Our View: Reporter had First Amendment on his side in Missouri standoff

Our View

The University of Missouri is in a state of turmoil.

After a post by student body president Payton Head about racial slurs went viral on Facebook two months ago, the nation’s media has been focused on the university.

Tensions began to boil over on Oct. 10 when a group of students called “Concerned Student 1950” locked arms in order to get university President Tim Wolfe’s attention. One student was bumped by Wolfe’s car during this ordeal. The following day, a third “Racism Lives Here” rally was cut short by campus police. Similar events transpired over the following days until the 24th. On the 24th, students allegedly woke up to a swastika drawn with human feces in a bathroom, which caused tensions to rise.

The protests culminated when black members of the football team got involved, saying that they would not play or practice until Wolfe resigned. Wolfe resigned on Nov. 9, followed closely by Chancellor R. Bowen Loftin’s announcement to resign by the new year.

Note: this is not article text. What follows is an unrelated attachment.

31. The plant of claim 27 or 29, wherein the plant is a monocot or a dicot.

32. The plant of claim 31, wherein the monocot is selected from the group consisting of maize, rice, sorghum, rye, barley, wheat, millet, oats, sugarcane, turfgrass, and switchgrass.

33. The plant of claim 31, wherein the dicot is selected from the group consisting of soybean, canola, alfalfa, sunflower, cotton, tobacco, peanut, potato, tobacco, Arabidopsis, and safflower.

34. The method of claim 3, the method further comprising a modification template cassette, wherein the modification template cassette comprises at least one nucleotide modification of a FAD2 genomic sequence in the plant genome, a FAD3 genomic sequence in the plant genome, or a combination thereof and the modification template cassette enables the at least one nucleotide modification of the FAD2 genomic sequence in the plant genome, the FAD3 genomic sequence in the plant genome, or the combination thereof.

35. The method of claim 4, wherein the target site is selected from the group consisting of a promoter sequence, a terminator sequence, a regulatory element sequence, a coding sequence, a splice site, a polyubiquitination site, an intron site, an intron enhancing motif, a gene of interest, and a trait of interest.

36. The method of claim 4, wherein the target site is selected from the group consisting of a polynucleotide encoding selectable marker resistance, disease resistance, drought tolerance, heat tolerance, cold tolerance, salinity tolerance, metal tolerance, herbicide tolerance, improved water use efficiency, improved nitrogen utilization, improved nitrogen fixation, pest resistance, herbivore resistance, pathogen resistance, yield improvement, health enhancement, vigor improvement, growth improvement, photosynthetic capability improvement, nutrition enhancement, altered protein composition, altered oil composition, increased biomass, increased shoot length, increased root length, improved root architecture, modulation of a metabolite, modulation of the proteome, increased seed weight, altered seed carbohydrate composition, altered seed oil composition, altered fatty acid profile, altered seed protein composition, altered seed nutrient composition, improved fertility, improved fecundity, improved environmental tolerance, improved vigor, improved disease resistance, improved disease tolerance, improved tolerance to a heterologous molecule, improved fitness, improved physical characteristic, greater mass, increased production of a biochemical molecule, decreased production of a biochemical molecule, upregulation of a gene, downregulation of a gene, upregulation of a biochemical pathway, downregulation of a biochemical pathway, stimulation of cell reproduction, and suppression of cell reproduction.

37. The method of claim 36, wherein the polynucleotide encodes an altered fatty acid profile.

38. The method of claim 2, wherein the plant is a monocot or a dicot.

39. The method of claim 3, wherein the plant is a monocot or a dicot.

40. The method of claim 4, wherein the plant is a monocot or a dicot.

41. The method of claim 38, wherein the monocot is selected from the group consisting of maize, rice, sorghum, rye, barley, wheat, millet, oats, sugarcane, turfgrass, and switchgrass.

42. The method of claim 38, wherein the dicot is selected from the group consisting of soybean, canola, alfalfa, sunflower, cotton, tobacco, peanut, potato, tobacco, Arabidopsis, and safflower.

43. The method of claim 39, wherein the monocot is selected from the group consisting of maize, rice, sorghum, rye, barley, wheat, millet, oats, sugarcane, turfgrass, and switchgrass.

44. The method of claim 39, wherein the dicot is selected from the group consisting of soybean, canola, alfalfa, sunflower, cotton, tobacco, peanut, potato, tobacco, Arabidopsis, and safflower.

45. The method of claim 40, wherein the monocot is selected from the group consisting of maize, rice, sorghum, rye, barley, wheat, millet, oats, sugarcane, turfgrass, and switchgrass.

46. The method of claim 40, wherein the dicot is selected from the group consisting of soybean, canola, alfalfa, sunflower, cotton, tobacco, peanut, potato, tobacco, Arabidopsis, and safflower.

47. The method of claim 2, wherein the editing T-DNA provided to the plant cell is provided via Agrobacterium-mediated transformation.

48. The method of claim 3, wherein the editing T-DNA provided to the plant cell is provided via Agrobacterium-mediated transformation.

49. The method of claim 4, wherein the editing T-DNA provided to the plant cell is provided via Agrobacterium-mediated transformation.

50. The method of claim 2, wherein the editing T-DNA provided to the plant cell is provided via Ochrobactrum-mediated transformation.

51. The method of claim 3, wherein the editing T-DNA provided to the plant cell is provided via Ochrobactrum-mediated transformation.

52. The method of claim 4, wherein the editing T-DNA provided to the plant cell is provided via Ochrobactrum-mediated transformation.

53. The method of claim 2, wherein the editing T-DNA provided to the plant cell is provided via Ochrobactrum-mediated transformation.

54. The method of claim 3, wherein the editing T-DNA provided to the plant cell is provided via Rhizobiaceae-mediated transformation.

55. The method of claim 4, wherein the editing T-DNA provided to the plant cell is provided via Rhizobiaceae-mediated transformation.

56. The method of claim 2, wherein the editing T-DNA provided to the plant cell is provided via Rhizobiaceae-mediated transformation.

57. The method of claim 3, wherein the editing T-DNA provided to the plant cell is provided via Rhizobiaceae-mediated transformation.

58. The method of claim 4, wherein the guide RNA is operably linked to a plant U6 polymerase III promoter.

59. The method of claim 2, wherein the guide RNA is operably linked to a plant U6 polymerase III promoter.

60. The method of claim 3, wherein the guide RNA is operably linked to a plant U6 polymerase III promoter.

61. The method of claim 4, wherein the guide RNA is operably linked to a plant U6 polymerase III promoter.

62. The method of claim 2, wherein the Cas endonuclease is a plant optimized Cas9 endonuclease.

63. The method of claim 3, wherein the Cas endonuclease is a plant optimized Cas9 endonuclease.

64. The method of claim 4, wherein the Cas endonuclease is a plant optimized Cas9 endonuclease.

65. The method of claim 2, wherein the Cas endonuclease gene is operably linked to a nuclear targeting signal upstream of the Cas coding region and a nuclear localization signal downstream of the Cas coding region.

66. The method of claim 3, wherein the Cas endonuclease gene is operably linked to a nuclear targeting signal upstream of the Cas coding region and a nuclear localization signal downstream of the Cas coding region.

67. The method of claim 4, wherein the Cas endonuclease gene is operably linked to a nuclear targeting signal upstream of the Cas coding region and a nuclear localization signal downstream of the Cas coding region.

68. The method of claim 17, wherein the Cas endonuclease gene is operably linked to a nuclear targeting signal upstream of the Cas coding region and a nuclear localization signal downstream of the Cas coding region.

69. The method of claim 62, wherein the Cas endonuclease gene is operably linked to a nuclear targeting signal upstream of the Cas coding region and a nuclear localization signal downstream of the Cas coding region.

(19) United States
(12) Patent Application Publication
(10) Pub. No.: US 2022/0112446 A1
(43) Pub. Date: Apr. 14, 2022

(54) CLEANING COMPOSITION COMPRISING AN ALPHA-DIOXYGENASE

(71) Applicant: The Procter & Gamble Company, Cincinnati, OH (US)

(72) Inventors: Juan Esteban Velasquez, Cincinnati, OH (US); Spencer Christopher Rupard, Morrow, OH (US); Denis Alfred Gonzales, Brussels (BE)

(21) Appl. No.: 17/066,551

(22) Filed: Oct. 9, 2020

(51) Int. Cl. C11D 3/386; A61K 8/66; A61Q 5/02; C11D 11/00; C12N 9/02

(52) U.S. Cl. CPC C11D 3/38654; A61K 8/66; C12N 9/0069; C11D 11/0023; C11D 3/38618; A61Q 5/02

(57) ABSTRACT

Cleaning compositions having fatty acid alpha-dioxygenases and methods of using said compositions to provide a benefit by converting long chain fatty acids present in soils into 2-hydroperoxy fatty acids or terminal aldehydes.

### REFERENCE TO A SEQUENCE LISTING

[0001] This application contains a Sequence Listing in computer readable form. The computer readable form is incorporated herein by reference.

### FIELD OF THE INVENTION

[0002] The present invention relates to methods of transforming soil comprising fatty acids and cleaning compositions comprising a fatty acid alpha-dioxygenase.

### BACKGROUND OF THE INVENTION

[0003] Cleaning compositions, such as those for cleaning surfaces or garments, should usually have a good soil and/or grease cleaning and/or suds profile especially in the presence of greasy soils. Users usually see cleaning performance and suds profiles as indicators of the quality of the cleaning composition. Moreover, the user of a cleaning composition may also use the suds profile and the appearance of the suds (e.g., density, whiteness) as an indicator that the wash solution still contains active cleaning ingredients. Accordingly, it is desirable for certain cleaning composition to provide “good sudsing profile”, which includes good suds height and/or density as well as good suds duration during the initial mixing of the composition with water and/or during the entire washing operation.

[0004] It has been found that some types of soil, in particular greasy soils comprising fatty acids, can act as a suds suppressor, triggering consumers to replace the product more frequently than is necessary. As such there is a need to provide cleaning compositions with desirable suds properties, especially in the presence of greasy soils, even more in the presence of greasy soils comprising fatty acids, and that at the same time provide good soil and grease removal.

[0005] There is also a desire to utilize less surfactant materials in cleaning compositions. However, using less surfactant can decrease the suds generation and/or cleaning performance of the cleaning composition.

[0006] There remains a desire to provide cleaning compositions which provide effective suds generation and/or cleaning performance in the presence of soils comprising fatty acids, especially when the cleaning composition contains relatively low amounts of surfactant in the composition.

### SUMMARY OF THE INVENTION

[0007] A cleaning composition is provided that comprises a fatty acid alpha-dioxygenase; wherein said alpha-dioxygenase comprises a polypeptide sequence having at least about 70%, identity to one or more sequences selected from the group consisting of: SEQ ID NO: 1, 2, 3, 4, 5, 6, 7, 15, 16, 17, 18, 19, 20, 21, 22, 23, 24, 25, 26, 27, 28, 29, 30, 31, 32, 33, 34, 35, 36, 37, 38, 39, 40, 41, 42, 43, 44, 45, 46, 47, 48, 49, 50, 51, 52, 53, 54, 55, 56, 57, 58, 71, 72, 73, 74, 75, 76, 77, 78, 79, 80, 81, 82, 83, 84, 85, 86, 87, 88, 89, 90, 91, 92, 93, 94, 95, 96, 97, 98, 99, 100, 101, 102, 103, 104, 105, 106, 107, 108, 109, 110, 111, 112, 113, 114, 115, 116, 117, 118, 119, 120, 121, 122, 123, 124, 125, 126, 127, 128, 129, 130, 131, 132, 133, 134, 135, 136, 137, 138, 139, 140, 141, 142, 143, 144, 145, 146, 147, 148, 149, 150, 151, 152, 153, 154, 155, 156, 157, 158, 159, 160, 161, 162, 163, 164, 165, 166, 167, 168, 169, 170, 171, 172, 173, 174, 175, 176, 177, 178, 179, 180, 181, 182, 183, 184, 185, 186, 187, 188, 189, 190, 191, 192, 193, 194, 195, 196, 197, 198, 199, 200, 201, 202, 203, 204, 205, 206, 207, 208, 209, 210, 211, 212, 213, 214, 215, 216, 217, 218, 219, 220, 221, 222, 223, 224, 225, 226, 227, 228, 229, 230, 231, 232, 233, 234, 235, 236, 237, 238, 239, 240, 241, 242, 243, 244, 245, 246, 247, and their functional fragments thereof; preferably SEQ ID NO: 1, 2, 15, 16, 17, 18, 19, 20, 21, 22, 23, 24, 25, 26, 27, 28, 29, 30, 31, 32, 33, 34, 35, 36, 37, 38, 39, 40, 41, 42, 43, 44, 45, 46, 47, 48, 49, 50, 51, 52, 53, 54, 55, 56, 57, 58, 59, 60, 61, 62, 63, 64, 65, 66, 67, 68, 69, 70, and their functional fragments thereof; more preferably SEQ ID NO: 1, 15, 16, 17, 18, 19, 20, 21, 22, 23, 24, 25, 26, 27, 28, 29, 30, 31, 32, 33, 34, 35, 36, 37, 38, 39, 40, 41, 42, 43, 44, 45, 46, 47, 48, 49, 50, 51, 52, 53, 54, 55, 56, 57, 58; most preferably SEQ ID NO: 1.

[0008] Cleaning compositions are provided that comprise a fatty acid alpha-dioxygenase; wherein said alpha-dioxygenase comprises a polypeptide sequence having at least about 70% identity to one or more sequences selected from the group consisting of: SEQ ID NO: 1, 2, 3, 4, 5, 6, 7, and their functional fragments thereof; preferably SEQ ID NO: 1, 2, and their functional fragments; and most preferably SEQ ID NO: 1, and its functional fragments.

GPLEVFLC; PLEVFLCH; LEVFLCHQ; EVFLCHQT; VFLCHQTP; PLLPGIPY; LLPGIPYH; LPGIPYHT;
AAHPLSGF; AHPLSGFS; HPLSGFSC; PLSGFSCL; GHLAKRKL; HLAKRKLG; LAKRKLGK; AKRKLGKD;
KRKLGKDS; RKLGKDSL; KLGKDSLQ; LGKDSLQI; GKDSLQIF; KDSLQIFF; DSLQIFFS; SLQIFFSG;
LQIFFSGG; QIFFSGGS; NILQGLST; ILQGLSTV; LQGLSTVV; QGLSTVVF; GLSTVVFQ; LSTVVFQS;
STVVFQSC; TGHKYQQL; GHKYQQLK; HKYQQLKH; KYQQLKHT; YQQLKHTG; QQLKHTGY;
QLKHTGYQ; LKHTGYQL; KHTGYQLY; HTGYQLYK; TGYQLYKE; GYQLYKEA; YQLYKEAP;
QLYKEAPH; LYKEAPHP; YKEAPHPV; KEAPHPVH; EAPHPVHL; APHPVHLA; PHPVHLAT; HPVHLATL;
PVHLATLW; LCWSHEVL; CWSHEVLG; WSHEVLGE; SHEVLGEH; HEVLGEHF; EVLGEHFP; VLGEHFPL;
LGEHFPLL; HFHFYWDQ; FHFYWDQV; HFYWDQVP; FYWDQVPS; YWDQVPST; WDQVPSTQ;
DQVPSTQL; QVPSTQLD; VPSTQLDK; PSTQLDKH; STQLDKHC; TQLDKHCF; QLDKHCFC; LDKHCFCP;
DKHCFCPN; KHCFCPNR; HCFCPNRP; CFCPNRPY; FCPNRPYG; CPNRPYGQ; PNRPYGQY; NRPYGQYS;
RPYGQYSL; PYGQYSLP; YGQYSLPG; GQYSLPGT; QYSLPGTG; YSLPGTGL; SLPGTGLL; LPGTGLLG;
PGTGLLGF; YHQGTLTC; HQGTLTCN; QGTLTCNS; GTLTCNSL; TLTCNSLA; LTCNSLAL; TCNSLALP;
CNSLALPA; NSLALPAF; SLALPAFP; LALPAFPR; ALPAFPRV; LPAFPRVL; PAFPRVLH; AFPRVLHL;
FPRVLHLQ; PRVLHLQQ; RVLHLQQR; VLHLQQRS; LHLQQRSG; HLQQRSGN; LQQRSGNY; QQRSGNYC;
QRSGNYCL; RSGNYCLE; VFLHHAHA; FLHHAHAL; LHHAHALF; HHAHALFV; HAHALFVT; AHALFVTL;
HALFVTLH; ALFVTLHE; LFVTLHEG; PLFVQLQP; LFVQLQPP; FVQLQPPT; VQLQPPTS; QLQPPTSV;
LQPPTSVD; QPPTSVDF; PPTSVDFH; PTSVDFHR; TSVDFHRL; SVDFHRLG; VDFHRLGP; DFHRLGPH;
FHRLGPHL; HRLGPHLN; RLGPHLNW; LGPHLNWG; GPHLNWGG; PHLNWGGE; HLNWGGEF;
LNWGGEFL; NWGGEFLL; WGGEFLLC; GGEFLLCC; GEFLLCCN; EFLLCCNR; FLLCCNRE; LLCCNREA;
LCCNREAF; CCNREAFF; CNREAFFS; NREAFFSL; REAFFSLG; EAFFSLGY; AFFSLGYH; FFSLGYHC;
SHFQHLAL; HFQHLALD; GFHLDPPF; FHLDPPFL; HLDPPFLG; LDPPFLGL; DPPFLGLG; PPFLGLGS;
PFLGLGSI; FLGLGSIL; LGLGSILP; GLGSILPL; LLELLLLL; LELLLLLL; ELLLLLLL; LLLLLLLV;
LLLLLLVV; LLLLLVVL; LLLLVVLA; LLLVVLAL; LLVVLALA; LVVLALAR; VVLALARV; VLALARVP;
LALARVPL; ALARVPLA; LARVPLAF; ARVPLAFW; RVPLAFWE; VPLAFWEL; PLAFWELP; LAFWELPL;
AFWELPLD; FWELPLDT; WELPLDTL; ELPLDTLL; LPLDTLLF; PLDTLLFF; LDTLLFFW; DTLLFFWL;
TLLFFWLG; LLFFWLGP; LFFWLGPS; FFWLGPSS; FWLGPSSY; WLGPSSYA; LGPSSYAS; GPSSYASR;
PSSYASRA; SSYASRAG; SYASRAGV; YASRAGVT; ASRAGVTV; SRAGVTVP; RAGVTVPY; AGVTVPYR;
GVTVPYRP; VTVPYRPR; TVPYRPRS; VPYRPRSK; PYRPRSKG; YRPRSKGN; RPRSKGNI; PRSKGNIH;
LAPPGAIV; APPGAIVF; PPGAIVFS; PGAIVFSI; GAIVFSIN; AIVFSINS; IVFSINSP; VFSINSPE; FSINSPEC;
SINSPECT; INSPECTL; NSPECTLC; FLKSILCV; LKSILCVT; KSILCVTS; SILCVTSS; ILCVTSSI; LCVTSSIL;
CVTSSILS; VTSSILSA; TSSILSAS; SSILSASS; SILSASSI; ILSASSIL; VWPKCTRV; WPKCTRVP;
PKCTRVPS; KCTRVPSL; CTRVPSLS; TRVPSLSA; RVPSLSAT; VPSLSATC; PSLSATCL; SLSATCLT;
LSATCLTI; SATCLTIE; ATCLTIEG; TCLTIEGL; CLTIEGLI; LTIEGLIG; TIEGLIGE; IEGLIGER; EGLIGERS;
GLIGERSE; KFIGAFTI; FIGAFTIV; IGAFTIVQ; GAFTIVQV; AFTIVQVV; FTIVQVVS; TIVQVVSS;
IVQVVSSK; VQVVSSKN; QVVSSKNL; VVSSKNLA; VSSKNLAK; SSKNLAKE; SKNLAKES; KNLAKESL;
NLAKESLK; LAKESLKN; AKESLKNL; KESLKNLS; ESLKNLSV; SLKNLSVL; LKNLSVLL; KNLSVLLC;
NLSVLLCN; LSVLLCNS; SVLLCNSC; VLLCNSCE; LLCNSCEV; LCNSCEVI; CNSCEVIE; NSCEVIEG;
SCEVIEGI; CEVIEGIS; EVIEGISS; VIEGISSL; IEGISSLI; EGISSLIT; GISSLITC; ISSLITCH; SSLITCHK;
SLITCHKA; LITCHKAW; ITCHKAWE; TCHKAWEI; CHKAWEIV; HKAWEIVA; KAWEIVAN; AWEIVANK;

Shortly after the announcements, protesters locked arms around a square on campus, which would make for quite the powerful picture. Except in this case, the protesters started to protest the camera man. Protesters blocked cameraman Tim Tai’s view and started “hey, ho, reporters have got to go.” Mr. Tai stated his First Amendment rights, but the protesters thanked him for the coverage, but told him to leave.

Eventually, after much struggle, the protesters were able to force the camera man out, but not his friend who was still recording. Mass media professor Melissa Click told him to leave, and then asked the crowd, “Who wants to help me get this reporter out of here? Come on, I need some muscle.”

Some situations call for cameramen to set down their cameras out of respect for what is happening around him. This was not one of those times. The story that Tai was covering is still national breaking news, and he had just as much a right to be there as the protestors. He handled himself professionally while the protesters around him were being rude and abrasive while changing his words. He was just trying to document their story, something that most people would gladly have done. He had a right to take those pictures.

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